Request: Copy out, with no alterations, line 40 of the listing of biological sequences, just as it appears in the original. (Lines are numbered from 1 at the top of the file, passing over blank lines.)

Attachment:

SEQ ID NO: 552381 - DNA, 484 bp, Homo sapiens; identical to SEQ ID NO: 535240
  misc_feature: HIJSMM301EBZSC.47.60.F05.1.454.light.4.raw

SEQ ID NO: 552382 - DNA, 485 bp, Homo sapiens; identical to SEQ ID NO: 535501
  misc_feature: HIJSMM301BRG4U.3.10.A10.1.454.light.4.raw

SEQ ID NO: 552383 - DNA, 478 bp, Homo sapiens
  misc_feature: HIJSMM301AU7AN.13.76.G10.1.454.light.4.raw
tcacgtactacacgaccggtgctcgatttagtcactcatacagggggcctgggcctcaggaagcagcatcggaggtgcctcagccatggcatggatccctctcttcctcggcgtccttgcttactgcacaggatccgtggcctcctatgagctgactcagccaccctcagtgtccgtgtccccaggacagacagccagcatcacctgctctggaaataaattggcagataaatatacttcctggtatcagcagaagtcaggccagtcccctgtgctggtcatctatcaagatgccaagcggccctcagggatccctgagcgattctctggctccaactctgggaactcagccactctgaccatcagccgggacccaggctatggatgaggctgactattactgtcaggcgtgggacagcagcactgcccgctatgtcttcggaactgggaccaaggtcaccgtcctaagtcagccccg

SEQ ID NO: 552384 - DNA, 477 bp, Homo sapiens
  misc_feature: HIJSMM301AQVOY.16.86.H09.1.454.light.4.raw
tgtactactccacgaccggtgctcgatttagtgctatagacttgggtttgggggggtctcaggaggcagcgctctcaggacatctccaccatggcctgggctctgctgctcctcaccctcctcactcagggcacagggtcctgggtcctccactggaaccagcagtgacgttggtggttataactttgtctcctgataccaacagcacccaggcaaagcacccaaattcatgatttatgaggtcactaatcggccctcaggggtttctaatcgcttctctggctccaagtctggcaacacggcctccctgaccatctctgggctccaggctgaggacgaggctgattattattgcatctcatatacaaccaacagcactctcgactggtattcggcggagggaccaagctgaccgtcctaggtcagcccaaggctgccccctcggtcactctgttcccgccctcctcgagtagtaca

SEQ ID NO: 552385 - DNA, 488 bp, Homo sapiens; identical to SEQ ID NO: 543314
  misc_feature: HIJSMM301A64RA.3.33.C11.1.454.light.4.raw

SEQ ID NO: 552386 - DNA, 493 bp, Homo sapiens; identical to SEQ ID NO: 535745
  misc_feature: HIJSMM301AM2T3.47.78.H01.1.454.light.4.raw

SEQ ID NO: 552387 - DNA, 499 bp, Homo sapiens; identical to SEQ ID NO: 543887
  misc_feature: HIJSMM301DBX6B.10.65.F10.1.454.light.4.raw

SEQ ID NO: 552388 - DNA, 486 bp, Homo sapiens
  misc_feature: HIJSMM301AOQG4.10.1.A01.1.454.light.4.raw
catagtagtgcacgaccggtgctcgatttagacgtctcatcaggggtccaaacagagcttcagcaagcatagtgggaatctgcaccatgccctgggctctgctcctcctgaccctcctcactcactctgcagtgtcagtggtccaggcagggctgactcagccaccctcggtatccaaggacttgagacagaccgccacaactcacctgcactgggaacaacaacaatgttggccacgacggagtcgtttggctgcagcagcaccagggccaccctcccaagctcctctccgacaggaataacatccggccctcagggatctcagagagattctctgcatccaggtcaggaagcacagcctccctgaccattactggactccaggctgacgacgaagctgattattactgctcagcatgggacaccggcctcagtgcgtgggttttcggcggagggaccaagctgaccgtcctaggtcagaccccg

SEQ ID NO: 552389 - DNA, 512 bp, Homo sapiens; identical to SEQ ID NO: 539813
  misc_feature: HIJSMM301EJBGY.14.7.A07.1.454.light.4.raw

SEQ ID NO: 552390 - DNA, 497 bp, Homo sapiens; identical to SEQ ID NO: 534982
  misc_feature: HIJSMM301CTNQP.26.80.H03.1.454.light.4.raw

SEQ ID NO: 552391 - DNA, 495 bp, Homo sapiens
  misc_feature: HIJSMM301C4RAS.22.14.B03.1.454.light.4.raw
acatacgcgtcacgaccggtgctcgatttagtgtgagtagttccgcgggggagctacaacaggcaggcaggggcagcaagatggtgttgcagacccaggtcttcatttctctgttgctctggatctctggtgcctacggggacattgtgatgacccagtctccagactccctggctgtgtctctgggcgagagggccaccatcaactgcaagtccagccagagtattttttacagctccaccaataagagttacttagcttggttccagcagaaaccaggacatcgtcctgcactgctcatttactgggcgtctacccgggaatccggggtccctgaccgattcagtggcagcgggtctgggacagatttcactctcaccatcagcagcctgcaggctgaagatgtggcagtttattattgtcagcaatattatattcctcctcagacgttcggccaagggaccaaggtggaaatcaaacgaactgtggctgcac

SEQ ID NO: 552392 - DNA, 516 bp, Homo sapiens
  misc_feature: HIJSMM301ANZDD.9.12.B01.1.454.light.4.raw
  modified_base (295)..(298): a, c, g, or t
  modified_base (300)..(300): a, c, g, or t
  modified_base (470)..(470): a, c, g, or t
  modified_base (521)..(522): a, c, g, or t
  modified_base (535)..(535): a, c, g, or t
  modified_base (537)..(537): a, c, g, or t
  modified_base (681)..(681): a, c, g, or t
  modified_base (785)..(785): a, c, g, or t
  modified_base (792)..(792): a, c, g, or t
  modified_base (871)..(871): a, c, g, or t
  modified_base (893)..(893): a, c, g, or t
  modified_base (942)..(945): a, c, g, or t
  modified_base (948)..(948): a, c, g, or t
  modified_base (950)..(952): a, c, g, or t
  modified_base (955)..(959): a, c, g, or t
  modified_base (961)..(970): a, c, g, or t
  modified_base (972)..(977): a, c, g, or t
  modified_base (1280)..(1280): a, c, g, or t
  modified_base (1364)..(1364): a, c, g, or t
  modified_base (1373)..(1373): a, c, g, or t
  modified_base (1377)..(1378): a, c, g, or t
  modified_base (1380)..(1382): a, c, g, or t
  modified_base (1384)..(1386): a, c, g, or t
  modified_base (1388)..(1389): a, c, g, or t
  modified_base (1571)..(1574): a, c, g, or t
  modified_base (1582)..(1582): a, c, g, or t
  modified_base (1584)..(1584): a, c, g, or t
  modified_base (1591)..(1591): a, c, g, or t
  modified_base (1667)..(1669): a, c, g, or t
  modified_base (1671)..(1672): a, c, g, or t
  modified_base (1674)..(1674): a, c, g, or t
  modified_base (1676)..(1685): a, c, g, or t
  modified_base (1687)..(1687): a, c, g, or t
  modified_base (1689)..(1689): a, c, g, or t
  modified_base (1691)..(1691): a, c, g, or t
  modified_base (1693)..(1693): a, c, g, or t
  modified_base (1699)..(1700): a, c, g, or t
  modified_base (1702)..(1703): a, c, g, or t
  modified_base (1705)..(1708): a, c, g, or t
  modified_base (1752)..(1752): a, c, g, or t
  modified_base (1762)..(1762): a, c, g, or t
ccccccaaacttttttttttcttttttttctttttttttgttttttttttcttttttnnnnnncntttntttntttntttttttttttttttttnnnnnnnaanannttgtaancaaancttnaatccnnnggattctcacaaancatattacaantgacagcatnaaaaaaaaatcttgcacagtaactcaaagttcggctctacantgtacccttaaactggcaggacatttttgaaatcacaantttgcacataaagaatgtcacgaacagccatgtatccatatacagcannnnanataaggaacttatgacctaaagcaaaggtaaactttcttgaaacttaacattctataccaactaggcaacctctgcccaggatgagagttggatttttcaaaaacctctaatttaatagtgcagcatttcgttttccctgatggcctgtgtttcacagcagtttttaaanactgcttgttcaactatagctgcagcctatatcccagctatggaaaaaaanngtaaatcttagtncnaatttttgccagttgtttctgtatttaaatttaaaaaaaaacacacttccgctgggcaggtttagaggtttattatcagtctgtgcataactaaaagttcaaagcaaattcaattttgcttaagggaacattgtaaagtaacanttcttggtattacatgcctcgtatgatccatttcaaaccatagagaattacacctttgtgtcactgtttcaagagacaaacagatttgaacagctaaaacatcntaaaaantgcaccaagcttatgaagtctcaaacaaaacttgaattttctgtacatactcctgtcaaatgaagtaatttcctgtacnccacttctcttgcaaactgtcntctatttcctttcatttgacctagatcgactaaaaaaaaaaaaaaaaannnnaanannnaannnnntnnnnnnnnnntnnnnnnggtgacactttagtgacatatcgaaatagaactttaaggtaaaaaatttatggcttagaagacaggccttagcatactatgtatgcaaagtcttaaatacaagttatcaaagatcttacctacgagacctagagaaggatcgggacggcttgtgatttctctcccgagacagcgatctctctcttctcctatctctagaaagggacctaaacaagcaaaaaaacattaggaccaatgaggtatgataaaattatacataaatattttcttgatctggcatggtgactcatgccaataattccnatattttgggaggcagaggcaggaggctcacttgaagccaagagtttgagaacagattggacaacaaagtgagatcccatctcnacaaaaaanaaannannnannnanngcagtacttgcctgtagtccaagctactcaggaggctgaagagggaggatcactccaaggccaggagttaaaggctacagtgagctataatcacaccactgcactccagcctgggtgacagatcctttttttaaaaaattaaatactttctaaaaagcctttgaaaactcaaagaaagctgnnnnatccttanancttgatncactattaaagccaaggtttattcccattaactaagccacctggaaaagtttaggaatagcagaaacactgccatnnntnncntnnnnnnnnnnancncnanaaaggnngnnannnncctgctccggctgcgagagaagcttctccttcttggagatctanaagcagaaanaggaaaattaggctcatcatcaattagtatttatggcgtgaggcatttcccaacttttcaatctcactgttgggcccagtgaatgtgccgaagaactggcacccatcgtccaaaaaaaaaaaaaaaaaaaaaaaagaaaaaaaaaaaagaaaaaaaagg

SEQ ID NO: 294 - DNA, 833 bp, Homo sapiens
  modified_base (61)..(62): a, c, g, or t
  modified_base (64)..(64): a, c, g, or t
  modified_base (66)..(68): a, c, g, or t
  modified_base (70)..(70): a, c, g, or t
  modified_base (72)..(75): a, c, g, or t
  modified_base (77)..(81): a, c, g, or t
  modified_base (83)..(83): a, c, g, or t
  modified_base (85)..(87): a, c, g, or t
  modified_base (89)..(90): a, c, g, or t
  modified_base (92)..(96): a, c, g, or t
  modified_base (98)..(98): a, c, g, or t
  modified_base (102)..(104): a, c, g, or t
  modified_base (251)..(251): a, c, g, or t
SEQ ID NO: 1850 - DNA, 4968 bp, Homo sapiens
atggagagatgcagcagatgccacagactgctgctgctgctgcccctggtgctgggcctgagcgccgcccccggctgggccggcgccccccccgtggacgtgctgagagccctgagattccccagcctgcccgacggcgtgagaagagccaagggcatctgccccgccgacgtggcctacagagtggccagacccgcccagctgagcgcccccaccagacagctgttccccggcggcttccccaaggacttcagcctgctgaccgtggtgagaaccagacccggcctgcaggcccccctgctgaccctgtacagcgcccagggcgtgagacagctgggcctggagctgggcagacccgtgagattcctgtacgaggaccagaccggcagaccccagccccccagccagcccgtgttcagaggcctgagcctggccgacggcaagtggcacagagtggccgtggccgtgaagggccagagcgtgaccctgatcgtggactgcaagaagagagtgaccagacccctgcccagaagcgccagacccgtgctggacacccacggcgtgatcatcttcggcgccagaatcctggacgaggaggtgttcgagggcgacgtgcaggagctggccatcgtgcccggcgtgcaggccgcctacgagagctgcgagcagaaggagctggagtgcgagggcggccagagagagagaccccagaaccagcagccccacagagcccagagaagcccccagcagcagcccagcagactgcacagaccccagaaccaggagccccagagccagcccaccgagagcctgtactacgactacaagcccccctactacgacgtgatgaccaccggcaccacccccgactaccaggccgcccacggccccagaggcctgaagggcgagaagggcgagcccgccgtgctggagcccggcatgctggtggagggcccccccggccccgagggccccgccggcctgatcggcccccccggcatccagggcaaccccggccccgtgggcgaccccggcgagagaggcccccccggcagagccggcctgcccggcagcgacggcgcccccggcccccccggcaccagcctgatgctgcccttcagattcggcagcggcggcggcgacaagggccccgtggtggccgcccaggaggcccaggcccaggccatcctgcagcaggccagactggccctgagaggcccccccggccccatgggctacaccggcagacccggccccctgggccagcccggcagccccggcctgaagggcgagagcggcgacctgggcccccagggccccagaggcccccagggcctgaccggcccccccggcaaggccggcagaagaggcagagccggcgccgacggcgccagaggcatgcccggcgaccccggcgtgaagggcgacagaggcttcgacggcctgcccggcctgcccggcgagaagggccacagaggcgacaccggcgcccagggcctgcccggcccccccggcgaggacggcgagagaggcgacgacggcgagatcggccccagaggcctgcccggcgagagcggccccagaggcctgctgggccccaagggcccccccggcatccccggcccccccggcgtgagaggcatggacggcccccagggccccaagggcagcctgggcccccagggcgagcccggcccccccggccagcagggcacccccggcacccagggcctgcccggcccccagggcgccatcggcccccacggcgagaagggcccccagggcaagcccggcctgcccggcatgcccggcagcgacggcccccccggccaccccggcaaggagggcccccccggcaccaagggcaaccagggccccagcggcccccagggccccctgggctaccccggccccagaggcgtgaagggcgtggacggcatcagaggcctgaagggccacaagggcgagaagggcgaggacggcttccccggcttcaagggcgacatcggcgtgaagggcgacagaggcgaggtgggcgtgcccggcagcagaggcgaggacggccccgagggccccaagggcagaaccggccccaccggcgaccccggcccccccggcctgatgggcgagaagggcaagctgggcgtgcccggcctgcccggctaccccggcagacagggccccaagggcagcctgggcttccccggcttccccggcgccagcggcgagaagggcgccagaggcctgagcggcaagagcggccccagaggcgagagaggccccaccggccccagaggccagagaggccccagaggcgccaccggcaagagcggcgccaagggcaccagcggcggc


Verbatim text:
  modified_base (942)..(945): a, c, g, or t